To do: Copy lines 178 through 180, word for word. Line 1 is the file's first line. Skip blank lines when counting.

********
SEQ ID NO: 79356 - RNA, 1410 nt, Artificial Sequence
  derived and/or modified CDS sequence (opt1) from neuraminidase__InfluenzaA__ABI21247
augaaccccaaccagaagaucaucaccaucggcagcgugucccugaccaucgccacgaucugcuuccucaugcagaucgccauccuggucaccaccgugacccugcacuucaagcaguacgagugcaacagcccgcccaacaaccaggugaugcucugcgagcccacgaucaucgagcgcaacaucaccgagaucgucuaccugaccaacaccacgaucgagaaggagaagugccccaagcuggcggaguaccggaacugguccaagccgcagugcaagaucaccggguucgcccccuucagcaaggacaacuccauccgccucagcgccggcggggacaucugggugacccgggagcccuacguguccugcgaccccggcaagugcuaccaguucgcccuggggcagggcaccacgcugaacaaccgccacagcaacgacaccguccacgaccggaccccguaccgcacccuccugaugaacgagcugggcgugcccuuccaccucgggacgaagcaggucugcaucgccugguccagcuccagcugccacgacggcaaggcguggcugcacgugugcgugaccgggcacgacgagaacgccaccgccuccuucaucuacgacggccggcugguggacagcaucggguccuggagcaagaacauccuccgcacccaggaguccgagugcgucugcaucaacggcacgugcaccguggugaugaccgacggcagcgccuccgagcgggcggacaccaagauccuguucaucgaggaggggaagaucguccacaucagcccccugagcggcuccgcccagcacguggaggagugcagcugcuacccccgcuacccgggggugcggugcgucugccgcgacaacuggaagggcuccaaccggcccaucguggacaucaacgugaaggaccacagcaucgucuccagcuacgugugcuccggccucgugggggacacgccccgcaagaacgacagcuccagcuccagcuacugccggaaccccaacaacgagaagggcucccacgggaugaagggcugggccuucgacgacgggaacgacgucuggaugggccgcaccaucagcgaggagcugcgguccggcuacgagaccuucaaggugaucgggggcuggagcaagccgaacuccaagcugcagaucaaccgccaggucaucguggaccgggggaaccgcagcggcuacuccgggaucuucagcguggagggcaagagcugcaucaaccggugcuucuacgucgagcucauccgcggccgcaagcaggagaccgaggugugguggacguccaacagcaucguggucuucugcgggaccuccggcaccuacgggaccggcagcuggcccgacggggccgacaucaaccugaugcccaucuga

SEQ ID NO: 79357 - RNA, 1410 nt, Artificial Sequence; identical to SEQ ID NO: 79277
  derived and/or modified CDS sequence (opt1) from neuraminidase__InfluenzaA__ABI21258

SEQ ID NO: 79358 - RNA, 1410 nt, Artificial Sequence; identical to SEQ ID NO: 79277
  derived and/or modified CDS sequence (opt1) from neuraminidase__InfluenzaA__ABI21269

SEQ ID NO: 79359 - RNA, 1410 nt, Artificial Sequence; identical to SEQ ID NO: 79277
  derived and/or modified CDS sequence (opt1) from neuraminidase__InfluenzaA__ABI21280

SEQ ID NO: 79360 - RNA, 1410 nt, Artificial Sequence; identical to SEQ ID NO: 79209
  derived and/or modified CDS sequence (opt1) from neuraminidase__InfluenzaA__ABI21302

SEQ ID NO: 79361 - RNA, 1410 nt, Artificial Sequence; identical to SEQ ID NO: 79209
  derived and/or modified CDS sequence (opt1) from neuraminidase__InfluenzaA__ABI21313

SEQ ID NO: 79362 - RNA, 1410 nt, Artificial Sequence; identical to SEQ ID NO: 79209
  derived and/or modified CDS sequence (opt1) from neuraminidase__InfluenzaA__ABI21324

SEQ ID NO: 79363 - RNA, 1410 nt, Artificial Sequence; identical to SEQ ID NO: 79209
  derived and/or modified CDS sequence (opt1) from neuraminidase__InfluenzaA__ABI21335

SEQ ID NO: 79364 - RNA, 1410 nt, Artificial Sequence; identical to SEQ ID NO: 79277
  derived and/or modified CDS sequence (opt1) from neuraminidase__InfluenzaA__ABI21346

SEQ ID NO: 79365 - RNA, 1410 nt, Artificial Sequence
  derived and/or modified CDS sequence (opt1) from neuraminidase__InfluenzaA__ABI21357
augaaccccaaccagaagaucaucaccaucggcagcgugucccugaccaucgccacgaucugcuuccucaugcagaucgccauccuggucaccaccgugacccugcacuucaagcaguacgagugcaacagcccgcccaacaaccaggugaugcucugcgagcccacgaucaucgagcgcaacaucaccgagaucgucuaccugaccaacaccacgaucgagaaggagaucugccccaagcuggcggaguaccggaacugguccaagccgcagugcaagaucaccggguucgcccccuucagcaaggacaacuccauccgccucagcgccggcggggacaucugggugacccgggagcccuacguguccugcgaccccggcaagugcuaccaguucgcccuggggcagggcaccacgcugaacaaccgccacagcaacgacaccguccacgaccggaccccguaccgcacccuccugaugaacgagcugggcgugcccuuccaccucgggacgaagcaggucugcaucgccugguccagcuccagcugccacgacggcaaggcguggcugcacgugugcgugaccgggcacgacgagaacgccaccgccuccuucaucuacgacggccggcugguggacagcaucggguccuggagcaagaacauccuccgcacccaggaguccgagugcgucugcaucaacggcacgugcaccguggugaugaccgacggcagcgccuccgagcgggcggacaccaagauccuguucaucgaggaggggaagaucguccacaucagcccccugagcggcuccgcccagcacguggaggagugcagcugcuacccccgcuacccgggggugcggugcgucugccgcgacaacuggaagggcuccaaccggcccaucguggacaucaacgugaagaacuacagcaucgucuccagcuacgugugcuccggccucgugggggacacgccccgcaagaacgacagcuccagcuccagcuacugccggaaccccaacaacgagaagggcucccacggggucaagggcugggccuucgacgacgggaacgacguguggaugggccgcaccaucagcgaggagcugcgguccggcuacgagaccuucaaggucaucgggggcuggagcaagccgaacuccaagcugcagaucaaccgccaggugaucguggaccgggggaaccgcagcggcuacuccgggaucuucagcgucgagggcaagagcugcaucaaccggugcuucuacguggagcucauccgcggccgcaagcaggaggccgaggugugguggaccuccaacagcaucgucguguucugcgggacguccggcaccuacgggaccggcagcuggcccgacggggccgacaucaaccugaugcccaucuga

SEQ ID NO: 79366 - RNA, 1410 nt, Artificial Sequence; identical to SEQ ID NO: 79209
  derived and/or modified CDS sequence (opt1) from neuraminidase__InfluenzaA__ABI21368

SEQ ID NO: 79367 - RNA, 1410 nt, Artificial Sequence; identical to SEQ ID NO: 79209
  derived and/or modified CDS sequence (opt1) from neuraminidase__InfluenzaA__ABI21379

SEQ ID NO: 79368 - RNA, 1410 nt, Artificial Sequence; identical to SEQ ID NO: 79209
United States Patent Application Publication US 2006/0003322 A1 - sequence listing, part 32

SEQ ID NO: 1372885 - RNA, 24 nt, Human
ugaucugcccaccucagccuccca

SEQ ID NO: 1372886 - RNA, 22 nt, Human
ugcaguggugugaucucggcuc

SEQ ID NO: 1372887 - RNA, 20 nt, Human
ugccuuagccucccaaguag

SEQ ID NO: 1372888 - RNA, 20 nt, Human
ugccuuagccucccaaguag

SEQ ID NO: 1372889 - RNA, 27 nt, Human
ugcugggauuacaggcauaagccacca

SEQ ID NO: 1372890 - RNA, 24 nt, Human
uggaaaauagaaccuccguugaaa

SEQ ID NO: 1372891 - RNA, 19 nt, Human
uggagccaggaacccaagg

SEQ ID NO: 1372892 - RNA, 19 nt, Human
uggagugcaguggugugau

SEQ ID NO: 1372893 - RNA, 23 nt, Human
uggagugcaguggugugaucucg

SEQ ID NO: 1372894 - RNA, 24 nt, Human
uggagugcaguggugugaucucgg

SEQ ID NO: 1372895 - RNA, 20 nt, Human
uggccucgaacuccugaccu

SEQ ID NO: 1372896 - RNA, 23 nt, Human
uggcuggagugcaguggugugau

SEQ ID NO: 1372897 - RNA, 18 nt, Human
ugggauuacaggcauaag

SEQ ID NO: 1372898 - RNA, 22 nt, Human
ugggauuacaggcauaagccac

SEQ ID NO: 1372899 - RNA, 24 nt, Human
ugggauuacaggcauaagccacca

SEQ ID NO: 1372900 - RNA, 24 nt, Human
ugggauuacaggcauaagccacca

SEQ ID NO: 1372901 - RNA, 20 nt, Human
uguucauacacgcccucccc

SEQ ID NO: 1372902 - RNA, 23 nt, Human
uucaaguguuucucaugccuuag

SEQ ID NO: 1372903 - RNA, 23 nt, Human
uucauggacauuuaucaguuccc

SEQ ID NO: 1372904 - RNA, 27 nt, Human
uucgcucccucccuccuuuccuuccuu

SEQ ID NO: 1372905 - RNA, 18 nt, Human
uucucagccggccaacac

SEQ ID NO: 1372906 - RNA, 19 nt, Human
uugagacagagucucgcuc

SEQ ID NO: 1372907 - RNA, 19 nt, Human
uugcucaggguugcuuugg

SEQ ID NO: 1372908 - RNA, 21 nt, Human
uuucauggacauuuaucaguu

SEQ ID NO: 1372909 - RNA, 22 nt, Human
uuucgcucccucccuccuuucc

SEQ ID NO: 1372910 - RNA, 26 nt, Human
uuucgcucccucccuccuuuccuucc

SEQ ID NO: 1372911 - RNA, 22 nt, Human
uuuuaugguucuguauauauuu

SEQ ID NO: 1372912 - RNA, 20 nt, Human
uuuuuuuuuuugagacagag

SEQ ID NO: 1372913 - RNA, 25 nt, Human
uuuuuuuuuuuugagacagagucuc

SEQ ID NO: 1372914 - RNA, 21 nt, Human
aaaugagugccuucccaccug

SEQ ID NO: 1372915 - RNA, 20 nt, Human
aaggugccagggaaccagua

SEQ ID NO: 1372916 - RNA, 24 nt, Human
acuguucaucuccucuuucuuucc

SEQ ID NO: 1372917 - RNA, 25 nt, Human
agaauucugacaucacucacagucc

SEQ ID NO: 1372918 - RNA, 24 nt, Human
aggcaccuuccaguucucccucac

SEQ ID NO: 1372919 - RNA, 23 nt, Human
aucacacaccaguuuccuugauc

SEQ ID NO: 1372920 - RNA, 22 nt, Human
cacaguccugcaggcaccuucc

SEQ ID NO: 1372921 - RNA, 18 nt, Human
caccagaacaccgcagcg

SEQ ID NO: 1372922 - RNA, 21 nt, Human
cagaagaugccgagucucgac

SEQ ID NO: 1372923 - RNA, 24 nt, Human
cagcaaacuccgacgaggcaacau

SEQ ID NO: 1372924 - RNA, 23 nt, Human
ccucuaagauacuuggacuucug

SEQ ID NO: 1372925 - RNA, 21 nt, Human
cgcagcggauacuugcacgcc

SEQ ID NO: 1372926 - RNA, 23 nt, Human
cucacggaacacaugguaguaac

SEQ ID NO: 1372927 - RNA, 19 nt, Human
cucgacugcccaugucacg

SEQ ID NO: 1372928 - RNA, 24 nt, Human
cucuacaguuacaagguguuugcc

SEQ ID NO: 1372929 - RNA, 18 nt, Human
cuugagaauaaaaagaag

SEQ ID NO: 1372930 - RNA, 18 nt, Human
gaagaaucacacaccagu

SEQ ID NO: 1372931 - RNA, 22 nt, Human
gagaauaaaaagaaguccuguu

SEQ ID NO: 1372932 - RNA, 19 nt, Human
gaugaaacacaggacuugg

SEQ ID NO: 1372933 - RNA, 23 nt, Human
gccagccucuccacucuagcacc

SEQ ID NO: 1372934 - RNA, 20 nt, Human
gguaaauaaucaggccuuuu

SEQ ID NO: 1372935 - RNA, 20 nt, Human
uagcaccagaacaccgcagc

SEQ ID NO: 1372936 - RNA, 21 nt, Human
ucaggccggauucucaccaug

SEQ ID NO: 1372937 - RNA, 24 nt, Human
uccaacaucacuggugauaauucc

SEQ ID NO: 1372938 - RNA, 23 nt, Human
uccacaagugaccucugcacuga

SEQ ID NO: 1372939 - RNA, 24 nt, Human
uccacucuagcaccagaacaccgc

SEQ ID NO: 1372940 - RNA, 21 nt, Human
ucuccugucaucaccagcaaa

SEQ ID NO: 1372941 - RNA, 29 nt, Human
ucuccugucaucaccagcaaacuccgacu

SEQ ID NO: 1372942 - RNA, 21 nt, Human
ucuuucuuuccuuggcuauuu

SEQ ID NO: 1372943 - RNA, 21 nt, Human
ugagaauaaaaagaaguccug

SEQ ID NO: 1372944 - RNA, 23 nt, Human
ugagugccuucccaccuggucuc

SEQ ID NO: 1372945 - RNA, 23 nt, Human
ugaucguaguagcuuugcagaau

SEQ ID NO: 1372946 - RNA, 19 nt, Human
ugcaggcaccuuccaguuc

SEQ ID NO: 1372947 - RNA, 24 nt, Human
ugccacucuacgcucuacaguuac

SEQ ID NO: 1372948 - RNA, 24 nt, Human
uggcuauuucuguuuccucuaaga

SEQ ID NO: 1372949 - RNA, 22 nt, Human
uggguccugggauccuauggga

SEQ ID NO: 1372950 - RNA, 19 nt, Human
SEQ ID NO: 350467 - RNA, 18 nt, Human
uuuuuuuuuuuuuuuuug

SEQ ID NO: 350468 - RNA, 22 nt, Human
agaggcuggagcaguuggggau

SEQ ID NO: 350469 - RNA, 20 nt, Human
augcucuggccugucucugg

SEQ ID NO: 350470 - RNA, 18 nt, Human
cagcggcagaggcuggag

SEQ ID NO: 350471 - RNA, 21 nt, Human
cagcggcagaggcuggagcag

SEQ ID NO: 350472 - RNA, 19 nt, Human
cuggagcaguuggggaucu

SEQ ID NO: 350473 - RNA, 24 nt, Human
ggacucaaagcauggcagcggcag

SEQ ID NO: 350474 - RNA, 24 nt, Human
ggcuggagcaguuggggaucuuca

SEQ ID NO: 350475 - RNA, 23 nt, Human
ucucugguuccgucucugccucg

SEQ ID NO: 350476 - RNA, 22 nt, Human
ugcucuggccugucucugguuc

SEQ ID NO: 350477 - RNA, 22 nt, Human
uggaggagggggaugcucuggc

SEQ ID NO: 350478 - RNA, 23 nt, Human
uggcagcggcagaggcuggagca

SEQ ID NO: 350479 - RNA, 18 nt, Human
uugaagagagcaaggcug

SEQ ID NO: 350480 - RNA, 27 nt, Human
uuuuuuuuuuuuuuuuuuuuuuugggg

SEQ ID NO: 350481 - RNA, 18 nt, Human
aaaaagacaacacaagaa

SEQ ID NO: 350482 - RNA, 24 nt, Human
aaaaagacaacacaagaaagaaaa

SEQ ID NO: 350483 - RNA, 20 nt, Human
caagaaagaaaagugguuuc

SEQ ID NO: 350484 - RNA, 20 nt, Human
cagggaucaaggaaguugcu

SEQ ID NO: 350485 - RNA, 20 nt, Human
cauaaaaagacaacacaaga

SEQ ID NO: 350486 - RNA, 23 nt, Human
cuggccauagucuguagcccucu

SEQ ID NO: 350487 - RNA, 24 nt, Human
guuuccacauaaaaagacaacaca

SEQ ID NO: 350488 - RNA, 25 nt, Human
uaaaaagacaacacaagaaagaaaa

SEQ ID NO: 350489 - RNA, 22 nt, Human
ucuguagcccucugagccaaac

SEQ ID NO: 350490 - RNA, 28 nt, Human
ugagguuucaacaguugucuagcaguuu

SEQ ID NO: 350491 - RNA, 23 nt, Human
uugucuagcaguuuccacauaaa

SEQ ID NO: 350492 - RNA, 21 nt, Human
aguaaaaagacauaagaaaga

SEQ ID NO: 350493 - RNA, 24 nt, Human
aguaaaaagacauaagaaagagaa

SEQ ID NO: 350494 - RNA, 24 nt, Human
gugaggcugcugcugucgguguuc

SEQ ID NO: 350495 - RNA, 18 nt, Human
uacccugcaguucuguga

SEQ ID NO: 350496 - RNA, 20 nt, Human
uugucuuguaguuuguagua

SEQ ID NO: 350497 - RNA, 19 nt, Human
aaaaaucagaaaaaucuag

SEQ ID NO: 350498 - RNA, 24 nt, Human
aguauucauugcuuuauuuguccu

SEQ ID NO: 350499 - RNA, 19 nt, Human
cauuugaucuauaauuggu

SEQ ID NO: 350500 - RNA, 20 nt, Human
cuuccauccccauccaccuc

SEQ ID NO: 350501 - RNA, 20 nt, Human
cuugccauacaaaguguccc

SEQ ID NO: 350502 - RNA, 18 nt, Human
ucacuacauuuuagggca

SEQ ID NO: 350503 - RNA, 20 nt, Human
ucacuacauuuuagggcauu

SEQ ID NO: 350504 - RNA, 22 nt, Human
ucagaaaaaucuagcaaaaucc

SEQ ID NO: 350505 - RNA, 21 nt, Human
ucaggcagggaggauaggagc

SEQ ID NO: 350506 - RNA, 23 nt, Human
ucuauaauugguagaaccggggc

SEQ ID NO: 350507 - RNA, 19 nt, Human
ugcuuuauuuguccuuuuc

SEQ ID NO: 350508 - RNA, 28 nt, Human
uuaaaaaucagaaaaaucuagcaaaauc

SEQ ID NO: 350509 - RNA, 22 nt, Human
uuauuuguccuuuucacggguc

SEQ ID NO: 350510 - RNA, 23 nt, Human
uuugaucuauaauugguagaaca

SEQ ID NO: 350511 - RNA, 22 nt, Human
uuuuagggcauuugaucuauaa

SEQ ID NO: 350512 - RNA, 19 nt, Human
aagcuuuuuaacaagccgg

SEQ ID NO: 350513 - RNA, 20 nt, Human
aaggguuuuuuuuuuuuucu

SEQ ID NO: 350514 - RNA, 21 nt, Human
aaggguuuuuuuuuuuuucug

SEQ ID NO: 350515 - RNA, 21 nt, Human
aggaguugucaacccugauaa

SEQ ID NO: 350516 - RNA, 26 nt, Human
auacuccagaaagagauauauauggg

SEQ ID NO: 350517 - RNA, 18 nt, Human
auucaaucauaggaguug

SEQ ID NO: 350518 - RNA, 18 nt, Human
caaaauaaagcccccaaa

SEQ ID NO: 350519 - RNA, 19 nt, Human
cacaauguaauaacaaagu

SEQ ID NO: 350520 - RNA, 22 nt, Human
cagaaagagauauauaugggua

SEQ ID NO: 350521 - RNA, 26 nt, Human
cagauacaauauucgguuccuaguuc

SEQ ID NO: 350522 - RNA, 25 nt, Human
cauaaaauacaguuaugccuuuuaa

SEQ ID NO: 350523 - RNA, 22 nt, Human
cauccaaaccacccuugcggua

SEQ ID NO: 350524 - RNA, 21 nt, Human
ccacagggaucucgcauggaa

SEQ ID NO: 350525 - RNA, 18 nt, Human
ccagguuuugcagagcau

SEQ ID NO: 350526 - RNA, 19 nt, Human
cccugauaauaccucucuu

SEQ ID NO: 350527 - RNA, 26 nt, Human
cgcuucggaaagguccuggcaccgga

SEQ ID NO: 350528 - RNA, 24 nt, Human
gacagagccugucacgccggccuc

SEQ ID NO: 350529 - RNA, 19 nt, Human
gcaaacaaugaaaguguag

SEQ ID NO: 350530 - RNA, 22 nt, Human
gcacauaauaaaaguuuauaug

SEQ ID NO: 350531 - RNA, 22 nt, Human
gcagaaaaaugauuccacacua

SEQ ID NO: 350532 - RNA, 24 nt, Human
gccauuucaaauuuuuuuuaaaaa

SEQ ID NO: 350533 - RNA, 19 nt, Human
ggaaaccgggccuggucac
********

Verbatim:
SEQ ID NO: 350476 - RNA, 22 nt, Human
ugcucuggccugucucugguuc

SEQ ID NO: 350477 - RNA, 22 nt, Human